ArtsAutosBooksBusinessEducationEntertainmentFamilyFashionFoodGamesGenderHealthHolidaysHomeHubPagesPersonal FinancePetsPoliticsReligionSportsTechnologyTravel

How to Become a Music Agent. Managing Bands and Artists.

Updated on March 30, 2010

Be an Entertainment Agent

So you are thinking in becoming a music/entertainment agent. Great, there is loads of good opportunities for you to make money.

The Music world is a great way of spending your life. Listening to music, meeting people, going around with musicians...well, more or less.

Being an agent requires a lot of hard work and loads of time in an office. Many hours on the phone is one of the main jobs of a music agent.

There are various levels in the music industry, if you are thinking of starting by being the personal manager of Bono from U2, let me tell you something, it is not going to least to start... :)

Start small. The smaller you start the less you can lose. You will be doing mistakes and the bigger the project the bigger the mistake and the bigger the trouble you will be in.

If you want to make some regular money try to go for covers bands/artists. Bands with original material can make you rich if things happen but you can be stuck for years not getting any gig, or getting free gigs. Don't forget that 15% of nothing is 0.

How to become a music agent:

First step - Start going out and see live bands. The more gigs you see the better.

Second step - Start talking with the musicians. Musicians are happy to speak with people at the end of the gigs. (not for long as they are probably a bit tired and still have to pack their stuff) One of the tips I can give you is: if you want to take this serious don't aim at the singers, usually everybody wants to talk with the singer, you are there on business and not to meet nice looking singers. Try to get to know the musicians, start talking about the gig and mention that you are thinking in becoming a music agent, musicians will help you, they want the gigs, if there is more people getting them new places to play the better for them.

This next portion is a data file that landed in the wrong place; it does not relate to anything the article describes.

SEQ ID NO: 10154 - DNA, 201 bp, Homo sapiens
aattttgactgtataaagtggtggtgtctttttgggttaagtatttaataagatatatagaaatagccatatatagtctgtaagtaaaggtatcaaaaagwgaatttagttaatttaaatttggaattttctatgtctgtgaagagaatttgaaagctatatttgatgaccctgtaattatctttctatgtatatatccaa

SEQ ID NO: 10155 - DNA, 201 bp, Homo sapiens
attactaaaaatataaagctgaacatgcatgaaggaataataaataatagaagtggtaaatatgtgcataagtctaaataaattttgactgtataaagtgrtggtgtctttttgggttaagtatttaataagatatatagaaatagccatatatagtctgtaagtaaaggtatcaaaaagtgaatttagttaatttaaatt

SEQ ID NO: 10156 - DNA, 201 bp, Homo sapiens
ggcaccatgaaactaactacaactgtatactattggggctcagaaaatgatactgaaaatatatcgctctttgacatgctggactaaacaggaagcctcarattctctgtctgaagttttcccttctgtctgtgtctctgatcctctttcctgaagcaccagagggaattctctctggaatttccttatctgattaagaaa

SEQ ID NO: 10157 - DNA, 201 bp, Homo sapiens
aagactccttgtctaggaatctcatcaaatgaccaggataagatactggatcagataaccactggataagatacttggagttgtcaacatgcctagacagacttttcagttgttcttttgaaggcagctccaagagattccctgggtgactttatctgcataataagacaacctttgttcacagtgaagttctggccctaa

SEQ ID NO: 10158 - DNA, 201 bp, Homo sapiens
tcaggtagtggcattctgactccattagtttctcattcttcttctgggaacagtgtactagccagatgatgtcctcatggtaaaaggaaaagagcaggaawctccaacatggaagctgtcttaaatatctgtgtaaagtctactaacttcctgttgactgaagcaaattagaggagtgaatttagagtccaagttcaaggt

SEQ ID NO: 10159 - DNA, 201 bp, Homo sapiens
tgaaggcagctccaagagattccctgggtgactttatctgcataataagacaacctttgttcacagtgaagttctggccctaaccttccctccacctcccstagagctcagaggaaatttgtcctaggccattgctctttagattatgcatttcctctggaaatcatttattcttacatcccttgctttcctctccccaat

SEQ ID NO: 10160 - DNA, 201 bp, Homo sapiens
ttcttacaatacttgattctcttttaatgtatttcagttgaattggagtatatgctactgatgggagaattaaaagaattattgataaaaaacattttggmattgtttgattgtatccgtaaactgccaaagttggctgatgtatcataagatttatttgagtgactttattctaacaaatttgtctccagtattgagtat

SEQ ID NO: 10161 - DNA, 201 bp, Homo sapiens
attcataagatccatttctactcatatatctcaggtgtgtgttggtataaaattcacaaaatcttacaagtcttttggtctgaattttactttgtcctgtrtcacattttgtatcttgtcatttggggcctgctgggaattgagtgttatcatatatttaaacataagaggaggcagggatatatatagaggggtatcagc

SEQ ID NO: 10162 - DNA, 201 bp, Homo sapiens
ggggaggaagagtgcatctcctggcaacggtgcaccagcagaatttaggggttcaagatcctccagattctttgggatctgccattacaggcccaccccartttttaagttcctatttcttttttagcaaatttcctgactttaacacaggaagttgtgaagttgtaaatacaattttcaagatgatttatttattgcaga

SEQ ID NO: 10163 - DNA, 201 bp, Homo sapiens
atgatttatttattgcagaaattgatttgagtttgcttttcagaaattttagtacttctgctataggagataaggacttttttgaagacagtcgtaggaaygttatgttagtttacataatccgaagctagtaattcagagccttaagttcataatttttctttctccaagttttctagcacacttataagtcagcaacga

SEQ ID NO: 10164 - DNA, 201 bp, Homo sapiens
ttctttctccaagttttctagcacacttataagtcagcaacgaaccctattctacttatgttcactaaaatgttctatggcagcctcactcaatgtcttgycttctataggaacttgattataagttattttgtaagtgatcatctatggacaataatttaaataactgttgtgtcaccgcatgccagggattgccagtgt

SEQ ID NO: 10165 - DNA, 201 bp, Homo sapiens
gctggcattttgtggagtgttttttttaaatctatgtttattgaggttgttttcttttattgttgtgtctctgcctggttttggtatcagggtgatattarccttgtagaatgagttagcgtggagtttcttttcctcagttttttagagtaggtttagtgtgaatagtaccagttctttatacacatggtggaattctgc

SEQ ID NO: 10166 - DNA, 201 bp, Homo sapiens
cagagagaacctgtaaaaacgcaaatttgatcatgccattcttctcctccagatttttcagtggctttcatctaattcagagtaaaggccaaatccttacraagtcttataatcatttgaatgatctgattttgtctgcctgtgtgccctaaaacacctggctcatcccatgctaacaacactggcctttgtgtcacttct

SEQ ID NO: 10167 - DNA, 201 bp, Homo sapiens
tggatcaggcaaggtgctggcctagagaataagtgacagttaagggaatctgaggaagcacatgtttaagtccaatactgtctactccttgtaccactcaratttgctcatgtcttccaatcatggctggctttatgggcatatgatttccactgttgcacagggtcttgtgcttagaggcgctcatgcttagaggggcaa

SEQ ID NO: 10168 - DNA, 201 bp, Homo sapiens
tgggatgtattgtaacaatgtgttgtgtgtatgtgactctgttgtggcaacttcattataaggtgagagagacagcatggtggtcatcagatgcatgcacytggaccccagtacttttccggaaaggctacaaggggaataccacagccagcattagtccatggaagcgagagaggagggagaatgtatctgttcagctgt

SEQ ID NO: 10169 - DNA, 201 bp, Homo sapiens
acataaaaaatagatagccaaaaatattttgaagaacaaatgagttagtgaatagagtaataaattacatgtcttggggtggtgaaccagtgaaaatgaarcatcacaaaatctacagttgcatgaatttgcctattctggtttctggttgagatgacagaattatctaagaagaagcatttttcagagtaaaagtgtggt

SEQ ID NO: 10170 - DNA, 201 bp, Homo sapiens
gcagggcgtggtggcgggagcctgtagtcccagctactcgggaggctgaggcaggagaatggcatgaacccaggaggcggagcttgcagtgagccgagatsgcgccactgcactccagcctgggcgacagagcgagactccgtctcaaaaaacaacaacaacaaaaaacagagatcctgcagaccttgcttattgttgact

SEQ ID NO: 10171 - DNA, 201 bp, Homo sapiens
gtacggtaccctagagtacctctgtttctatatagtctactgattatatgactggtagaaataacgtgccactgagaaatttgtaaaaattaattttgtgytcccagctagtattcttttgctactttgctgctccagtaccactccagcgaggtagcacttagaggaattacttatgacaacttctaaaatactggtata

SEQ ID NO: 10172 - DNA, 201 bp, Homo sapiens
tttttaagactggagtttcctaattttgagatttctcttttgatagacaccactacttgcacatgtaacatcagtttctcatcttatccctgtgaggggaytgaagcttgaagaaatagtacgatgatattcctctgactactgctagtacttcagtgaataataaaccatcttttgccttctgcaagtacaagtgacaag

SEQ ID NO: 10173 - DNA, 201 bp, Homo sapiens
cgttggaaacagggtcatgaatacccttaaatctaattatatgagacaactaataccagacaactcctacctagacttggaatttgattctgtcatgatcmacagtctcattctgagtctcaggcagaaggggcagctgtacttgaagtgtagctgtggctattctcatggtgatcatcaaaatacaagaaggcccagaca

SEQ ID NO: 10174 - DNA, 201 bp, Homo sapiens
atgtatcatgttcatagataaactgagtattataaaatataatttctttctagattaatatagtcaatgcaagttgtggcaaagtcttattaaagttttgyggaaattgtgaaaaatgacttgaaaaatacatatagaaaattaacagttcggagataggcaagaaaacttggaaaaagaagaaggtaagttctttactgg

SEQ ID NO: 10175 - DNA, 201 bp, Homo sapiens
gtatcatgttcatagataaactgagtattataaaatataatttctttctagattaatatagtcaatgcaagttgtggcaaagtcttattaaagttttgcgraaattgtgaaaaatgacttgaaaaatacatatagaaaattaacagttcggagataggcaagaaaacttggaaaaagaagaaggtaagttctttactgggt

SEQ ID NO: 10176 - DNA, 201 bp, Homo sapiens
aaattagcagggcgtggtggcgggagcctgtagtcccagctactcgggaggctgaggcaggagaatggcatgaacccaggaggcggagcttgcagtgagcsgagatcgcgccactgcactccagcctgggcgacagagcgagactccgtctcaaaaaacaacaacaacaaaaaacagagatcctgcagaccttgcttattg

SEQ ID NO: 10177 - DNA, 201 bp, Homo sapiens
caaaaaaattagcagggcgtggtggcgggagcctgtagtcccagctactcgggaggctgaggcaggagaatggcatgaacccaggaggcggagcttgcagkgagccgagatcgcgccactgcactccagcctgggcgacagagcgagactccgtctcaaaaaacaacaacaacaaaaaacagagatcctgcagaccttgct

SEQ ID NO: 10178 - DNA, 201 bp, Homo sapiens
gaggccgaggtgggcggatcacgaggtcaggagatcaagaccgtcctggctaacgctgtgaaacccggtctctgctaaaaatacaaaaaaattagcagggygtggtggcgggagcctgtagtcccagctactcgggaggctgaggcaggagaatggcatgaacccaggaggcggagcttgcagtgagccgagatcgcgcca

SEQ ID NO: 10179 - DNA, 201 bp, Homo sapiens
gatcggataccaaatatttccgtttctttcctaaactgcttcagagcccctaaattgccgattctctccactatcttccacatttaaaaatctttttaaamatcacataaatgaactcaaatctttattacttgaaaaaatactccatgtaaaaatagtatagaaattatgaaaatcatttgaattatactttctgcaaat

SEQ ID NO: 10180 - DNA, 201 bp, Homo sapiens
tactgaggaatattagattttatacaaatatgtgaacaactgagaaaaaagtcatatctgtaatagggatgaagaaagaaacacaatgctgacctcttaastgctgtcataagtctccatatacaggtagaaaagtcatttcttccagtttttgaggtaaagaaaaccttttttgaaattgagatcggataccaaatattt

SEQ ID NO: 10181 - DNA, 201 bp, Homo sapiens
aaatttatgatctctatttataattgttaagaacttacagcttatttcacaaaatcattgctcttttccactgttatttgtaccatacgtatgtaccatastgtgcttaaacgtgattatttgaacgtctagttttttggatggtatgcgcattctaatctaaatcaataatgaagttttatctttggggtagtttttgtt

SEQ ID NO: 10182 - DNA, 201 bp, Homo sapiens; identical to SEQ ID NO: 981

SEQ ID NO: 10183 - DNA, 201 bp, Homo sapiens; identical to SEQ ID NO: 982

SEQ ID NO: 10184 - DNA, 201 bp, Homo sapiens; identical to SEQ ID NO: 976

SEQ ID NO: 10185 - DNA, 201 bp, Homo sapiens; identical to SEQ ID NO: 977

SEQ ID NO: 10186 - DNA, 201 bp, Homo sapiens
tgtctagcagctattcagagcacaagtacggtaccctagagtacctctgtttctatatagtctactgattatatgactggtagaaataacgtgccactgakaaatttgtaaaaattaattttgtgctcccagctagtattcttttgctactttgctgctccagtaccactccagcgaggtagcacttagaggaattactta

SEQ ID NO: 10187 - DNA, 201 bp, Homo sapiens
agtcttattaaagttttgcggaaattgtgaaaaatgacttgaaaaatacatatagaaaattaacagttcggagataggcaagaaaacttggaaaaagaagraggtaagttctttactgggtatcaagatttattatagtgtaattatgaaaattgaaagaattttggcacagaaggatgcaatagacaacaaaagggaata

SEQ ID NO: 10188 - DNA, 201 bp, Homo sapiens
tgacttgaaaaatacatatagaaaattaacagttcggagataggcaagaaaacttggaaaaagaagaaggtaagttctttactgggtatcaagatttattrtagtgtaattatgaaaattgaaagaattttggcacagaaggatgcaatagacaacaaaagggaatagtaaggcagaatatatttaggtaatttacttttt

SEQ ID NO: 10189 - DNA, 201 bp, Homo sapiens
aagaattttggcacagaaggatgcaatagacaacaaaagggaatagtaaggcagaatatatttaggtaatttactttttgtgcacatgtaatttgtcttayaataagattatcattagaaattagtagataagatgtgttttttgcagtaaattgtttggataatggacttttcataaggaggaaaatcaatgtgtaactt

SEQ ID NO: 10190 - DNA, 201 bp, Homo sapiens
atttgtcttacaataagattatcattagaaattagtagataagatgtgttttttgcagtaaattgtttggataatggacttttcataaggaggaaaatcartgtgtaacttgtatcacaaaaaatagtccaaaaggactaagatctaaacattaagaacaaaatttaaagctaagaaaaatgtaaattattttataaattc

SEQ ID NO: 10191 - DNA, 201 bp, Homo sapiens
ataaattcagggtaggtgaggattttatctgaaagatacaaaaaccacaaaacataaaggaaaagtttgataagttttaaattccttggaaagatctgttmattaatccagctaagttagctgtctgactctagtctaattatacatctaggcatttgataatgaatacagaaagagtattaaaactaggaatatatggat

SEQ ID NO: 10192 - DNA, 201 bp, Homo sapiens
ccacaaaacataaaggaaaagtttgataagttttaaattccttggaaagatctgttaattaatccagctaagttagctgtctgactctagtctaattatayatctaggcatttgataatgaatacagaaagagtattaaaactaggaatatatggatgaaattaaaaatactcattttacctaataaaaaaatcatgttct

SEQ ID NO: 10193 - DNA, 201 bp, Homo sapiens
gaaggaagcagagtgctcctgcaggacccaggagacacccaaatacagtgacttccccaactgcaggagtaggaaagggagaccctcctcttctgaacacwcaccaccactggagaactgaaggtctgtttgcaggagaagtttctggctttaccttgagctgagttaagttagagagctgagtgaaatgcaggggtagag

On this step don't do the mistake of promising the world, just be simple and honest. Musicians get huge promises from "Simon Cowells" wannabes all the time and they don't even listen to them...they will just think, here is another Simon Cowell. Don't say: "I'm an agent and am looking to represent your band and will get you loads of gigs, we will get rich". (you can say this if you are sure you can do it, if you are starting don't promise anything apart from hard work)

Third step - After you know some musicians and found the band that looks to be nicer and more likely to be accepted by venues, talk to the guy you know in the band and ask what he/she thinks about you start trying to get them gigs. Try to receive suggestions from them. At the end of the day you want to have a band to represent and they want more gigs. You both can win from you doing a good job. Do not forget to ask for how much they want per gig and agree on your percentage. Aim for a 15% commission. If they insist on a 10% it can be a start, if they are really nice you might get a 20%.